“New Politics, Ahoy” Illustration for New York Times Op-Ed page.
Sandwiched between Maureen Dowd and Thomas Friedman where I’ve always belonged. That’s right. I’m high-brow now, playas. Special thanks to Matt Dorfman, op-ed art-director for the Times. It’s on-line too for you digital folks.
The My-T-Sharp Barbershop, Queens NYC I know it’s hard for you kids to believe, but Eddie Murphy was once the funniest man in Hollywood. He also had this funny friend named Arsenio but that’s a bit more complicated to explain.
Beauty fades, but obsession with one’s beauty intensifies. Which means Betty’s fixations are now off the charts. She and Henry Francis maintain a chilly peace based on Waspy non-confrontation, her children — damaged, embittered, constantly dealing with feelings of inadequacy — are grown and gone, and since Polly the pooch died, there’s no one to absorb Betty’s putdowns and petulance. Hmmm, what is Glen Bishop up to these days?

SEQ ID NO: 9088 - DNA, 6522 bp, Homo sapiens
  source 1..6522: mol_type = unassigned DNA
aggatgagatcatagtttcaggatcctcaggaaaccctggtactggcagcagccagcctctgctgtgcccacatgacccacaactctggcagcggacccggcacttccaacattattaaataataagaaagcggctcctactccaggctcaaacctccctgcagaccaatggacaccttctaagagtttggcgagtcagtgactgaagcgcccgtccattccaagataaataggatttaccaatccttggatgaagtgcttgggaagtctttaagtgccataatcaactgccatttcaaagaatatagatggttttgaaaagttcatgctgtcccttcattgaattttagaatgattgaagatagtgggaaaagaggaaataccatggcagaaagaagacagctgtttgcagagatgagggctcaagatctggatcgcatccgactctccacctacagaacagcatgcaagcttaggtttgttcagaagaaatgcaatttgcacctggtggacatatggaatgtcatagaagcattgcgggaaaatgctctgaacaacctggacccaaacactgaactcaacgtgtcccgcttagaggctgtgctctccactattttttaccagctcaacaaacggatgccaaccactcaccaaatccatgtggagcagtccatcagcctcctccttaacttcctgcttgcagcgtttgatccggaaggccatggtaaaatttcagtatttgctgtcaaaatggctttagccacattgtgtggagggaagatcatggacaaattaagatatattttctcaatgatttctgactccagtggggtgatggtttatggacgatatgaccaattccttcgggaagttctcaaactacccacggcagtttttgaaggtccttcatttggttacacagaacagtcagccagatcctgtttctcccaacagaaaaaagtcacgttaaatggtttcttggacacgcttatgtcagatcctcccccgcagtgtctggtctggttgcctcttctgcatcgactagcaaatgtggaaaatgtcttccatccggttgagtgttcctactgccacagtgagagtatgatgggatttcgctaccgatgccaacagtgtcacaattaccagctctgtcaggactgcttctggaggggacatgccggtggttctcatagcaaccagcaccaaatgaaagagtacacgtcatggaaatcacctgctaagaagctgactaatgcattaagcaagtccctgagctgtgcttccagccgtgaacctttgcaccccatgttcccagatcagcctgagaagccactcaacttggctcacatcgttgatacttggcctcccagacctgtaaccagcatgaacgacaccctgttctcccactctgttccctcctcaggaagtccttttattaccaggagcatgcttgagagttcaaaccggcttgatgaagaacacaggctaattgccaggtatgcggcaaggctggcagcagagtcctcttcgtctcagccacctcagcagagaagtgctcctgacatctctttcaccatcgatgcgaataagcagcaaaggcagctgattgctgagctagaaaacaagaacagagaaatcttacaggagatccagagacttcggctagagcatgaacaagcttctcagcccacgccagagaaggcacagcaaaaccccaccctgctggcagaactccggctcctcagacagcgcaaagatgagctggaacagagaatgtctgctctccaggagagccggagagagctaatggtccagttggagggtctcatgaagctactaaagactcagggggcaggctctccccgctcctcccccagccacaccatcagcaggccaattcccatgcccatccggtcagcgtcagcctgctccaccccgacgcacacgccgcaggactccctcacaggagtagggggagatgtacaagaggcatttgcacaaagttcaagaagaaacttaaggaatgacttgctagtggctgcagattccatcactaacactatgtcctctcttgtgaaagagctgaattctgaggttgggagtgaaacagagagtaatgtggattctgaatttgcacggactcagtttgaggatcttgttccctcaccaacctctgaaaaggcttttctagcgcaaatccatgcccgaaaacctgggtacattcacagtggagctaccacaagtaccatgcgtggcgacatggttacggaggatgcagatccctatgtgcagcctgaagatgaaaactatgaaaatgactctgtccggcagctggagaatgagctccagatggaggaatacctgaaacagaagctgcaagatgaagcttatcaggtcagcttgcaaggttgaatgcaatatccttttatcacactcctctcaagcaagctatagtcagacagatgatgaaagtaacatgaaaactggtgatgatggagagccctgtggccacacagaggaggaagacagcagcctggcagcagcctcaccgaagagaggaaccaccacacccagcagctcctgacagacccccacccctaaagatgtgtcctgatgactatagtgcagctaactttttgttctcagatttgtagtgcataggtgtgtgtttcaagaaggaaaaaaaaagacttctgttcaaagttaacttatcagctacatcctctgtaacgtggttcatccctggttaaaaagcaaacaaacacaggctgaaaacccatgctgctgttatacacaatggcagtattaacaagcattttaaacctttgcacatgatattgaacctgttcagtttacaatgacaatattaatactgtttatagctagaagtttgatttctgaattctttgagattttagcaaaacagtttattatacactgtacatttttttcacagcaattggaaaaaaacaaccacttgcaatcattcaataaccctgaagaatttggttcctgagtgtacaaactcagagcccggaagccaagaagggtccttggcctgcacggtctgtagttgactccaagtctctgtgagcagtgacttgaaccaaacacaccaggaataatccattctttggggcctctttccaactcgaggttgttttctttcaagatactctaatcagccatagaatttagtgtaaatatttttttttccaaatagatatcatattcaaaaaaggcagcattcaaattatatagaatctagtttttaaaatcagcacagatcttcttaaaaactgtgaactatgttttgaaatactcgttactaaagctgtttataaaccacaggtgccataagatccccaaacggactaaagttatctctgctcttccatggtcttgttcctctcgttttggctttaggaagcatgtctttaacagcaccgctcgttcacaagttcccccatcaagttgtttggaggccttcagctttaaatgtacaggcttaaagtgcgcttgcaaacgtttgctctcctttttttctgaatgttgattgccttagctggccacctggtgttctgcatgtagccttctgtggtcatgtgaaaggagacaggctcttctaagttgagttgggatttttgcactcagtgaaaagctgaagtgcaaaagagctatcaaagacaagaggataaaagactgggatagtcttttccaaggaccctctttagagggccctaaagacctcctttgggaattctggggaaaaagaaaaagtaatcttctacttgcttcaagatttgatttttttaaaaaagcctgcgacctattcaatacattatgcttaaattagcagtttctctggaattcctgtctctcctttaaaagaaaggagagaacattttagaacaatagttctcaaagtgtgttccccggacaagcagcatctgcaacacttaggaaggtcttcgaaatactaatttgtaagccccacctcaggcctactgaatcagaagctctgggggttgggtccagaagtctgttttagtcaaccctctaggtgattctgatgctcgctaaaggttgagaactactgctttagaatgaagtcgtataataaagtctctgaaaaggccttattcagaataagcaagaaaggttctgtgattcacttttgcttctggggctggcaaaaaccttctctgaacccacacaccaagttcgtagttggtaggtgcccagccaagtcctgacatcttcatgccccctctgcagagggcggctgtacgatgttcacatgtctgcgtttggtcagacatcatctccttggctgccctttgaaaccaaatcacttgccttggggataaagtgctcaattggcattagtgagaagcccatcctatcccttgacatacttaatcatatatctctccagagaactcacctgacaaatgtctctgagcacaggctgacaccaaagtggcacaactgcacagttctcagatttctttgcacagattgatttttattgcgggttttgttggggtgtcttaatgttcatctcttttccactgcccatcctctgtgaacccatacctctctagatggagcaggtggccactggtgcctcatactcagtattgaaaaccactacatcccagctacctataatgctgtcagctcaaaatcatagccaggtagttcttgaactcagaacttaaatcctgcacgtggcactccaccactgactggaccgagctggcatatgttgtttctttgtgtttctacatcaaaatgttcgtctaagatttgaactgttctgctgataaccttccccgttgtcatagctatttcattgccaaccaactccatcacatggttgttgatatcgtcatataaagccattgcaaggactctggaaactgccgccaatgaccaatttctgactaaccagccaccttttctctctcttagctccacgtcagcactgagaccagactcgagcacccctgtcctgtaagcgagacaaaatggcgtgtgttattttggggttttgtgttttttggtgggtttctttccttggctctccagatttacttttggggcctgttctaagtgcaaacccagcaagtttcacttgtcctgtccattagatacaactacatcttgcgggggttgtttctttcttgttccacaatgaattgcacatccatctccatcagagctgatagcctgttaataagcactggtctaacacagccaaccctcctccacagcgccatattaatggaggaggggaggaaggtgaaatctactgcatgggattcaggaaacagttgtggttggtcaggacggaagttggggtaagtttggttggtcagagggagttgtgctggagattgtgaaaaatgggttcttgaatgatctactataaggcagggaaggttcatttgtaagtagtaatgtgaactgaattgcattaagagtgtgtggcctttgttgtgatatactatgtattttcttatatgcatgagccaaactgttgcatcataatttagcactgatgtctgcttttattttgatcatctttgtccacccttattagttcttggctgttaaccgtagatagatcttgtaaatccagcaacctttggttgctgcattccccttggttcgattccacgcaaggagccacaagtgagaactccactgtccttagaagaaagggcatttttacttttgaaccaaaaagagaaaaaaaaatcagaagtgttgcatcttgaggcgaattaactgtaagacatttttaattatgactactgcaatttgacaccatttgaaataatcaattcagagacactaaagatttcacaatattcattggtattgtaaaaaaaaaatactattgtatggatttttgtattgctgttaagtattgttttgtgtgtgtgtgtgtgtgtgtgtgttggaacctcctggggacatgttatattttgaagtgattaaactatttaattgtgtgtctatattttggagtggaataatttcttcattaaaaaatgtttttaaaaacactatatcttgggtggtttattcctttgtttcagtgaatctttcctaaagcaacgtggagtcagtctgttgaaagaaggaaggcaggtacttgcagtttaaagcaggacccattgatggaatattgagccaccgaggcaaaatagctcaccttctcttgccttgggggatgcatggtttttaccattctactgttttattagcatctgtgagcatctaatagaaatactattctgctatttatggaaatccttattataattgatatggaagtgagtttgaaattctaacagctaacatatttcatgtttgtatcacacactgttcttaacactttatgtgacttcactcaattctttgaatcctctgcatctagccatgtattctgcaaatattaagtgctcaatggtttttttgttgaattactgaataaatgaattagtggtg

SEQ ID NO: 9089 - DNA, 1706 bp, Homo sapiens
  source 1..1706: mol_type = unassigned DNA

Bert’s sage wisdom was always a comfort and beacon to his co-workers, but the guy wasn’t just being nice: He was on his way to cosmic, immortal Nirvana, outlasting all other beings and eventually turning the planet into his own expressive Rothko.
Metabolism: It’s a hell of a thing, especially for a guy who now likes his french toast with rum and syrup. Don’s was bound to catch up with him eventually, and now that it has, well, he’s glad those on-trend polyester suits have some stretch. No one else will be glad, but he will. Don already had a “Me decade” during the ’60s, so by the time the rest of America catches up, his once-magic touch with “those who think young” has burned itself out — which is why he still relies on the constant stream of nubile secretaries to keep him up-to-date on the latest fads.